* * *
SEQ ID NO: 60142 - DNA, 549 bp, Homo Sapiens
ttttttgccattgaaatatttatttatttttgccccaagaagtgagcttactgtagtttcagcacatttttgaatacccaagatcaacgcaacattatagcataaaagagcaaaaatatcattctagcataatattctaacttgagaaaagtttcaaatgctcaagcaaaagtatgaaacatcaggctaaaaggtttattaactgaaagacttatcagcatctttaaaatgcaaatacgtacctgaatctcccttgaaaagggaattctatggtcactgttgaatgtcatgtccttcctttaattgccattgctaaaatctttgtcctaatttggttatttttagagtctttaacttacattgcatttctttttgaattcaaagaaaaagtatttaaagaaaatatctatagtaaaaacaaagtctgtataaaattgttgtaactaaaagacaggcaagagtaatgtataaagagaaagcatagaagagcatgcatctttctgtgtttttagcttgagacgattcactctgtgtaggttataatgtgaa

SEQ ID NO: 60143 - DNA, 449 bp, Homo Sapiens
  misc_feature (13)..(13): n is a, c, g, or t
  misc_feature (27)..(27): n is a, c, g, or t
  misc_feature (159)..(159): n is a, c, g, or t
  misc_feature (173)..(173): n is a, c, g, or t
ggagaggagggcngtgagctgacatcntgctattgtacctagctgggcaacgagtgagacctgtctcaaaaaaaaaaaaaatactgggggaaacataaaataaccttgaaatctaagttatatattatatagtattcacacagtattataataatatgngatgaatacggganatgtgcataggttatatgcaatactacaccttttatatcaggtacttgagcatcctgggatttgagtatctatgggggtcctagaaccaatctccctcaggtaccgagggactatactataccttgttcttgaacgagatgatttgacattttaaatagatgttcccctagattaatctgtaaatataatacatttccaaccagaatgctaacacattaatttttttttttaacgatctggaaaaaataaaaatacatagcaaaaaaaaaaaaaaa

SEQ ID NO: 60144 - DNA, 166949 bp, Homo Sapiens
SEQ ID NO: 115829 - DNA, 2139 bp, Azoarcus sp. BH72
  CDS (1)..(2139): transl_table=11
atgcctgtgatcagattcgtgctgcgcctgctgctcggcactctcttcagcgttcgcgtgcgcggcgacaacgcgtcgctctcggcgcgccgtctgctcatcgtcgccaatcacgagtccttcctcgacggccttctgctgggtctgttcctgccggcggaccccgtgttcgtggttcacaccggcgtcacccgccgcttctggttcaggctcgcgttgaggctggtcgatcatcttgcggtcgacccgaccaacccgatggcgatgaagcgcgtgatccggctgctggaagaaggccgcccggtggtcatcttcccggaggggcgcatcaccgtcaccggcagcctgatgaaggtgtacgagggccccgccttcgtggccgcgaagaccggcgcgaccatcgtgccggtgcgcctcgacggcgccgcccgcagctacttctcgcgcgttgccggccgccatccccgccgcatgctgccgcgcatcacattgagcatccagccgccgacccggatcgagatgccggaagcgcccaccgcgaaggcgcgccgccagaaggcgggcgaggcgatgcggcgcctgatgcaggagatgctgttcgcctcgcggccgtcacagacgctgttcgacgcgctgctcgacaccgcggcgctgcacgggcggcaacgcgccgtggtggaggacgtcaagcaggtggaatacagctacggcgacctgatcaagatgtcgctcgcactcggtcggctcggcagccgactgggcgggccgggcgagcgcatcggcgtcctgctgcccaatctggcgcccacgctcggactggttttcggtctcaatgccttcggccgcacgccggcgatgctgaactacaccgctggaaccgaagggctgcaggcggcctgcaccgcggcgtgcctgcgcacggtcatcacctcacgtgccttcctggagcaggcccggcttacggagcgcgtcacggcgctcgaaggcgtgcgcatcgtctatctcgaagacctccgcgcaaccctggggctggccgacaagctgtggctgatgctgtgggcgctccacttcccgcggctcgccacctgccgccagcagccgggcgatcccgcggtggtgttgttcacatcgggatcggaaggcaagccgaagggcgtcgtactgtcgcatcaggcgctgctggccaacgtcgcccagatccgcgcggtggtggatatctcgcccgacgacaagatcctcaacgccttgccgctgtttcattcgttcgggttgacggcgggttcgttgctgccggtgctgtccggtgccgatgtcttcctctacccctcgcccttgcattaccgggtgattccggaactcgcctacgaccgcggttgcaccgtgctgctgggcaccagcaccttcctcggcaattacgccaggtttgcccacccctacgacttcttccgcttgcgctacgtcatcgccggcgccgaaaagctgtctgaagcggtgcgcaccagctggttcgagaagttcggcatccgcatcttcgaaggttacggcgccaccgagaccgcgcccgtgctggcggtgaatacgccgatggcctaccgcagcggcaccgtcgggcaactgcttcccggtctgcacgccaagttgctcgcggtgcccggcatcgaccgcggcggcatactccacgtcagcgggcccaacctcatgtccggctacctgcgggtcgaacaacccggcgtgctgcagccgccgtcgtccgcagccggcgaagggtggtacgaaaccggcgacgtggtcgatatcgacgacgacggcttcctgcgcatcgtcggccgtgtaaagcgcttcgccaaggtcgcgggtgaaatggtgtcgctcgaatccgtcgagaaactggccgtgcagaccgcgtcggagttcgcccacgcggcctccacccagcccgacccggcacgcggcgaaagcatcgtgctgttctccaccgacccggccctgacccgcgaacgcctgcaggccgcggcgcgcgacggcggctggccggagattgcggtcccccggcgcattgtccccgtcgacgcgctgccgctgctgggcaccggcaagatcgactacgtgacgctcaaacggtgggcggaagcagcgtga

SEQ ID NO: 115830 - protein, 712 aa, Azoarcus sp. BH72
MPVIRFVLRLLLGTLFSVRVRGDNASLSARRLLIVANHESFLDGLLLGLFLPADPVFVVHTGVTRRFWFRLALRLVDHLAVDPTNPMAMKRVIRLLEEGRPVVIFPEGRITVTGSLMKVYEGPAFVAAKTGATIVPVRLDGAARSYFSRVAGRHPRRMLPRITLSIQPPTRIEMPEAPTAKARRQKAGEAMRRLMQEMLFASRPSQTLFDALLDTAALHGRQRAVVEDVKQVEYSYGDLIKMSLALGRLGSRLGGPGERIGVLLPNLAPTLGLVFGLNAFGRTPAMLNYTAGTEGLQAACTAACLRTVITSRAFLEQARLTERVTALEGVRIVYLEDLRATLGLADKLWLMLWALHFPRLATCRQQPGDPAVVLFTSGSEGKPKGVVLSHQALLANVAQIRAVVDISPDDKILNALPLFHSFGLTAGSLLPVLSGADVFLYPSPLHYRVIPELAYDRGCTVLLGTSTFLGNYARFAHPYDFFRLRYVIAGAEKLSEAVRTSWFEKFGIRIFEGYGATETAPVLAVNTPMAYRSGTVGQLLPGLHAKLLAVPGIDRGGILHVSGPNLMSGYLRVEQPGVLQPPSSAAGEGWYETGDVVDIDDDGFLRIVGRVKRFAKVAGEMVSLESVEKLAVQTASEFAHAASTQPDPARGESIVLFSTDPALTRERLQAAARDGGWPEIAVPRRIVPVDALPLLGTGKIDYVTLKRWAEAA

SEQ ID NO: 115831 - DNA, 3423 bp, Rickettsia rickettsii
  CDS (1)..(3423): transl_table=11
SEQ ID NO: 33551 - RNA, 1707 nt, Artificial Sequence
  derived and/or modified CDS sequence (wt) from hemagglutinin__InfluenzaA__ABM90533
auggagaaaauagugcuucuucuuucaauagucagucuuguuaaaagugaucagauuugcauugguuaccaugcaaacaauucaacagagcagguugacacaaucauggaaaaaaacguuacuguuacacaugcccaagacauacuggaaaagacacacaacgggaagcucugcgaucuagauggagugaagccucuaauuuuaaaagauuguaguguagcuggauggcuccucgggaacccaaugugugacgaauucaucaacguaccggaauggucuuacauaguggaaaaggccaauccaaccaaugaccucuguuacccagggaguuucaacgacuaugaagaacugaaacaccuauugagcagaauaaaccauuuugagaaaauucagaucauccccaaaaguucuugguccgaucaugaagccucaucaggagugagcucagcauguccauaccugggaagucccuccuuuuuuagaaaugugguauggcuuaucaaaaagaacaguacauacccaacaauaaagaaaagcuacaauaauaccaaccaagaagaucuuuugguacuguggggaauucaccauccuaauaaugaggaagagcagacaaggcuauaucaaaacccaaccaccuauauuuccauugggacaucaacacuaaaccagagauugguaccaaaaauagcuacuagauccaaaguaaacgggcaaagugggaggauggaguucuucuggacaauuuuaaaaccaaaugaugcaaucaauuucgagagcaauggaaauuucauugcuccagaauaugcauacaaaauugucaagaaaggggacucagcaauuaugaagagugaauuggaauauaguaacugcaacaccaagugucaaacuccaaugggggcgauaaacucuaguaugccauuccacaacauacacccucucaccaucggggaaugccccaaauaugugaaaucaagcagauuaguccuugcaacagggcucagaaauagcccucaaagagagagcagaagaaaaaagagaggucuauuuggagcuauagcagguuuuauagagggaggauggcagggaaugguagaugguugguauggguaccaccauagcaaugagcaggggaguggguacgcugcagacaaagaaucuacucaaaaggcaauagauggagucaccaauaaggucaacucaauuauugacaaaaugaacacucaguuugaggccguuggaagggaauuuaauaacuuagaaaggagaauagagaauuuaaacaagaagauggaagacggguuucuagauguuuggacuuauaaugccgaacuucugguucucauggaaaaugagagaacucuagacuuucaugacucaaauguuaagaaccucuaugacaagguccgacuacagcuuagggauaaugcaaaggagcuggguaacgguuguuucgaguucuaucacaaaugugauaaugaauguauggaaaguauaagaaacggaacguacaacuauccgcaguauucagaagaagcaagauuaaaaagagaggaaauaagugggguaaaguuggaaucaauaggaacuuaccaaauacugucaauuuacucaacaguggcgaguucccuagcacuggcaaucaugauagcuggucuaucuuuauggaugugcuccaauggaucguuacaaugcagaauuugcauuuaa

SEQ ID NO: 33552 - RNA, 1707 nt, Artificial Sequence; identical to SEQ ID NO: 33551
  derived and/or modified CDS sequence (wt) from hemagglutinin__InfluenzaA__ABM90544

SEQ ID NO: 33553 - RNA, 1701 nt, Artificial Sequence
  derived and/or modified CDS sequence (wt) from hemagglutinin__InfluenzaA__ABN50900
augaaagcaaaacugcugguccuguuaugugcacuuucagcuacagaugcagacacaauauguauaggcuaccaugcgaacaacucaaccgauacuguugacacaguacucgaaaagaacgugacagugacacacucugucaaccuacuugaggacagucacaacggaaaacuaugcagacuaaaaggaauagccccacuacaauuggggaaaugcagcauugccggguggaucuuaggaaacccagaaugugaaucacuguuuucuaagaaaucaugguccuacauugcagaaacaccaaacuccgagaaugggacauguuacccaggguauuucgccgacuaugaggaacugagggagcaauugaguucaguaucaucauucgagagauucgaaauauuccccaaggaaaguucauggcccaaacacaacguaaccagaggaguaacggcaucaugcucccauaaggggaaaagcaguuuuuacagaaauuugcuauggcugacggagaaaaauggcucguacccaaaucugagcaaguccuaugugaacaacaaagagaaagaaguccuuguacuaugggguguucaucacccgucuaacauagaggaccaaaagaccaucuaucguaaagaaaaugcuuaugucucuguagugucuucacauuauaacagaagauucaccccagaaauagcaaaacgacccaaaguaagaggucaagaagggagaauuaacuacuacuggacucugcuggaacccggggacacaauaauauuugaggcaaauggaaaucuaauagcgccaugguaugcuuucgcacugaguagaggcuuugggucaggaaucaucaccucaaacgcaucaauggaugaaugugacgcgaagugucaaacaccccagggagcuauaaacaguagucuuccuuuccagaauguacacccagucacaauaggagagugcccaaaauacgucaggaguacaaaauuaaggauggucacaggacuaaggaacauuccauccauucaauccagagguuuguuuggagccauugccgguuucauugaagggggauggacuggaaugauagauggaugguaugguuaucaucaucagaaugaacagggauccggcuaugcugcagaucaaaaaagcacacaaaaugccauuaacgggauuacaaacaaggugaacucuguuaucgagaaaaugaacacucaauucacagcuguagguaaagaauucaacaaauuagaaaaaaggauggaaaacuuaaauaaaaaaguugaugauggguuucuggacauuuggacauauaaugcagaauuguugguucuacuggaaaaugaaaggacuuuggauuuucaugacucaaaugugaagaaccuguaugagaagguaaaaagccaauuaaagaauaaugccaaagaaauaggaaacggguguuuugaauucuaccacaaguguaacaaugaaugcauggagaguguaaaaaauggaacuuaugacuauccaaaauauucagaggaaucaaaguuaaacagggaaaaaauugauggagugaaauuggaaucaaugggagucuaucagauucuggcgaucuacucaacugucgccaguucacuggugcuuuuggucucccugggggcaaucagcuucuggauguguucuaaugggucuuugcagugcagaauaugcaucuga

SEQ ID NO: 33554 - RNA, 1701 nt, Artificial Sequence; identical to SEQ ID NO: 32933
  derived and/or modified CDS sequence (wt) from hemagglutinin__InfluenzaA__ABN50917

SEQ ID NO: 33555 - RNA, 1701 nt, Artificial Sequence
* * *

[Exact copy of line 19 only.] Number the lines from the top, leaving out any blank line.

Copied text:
auggagaaaauagugcuucuucuuucaauagucagucuuguuaaaagugaucagauuugcauugguuaccaugcaaacaauucaacagagcagguugacacaaucauggaaaaaaacguuacuguuacacaugcccaagacauacuggaaaagacacacaacgggaagcucugcgaucuagauggagugaagccucuaauuuuaaaagauuguaguguagcuggauggcuccucgggaacccaaugugugacgaauucaucaacguaccggaauggucuuacauaguggaaaaggccaauccaaccaaugaccucuguuacccagggaguuucaacgacuaugaagaacugaaacaccuauugagcagaauaaaccauuuugagaaaauucagaucauccccaaaaguucuugguccgaucaugaagccucaucaggagugagcucagcauguccauaccugggaagucccuccuuuuuuagaaaugugguauggcuuaucaaaaagaacaguacauacccaacaauaaagaaaagcuacaauaauaccaaccaagaagaucuuuugguacuguggggaauucaccauccuaauaaugaggaagagcagacaaggcuauaucaaaacccaaccaccuauauuuccauugggacaucaacacuaaaccagagauugguaccaaaaauagcuacuagauccaaaguaaacgggcaaagugggaggauggaguucuucuggacaauuuuaaaaccaaaugaugcaaucaauuucgagagcaauggaaauuucauugcuccagaauaugcauacaaaauugucaagaaaggggacucagcaauuaugaagagugaauuggaauauaguaacugcaacaccaagugucaaacuccaaugggggcgauaaacucuaguaugccauuccacaacauacacccucucaccaucggggaaugccccaaauaugugaaaucaagcagauuaguccuugcaacagggcucagaaauagcccucaaagagagagcagaagaaaaaagagaggucuauuuggagcuauagcagguuuuauagagggaggauggcagggaaugguagaugguugguauggguaccaccauagcaaugagcaggggaguggguacgcugcagacaaagaaucuacucaaaaggcaauagauggagucaccaauaaggucaacucaauuauugacaaaaugaacacucaguuugaggccguuggaagggaauuuaauaacuuagaaaggagaauagagaauuuaaacaagaagauggaagacggguuucuagauguuuggacuuauaaugccgaacuucugguucucauggaaaaugagagaacucuagacuuucaugacucaaauguuaagaaccucuaugacaagguccgacuacagcuuagggauaaugcaaaggagcuggguaacgguuguuucgaguucuaucacaaaugugauaaugaauguauggaaaguauaagaaacggaacguacaacuauccgcaguauucagaagaagcaagauuaaaaagagaggaaauaagugggguaaaguuggaaucaauaggaacuuaccaaauacugucaauuuacucaacaguggcgaguucccuagcacuggcaaucaugauagcuggucuaucuuuauggaugugcuccaauggaucguuacaaugcagaauuugcauuuaa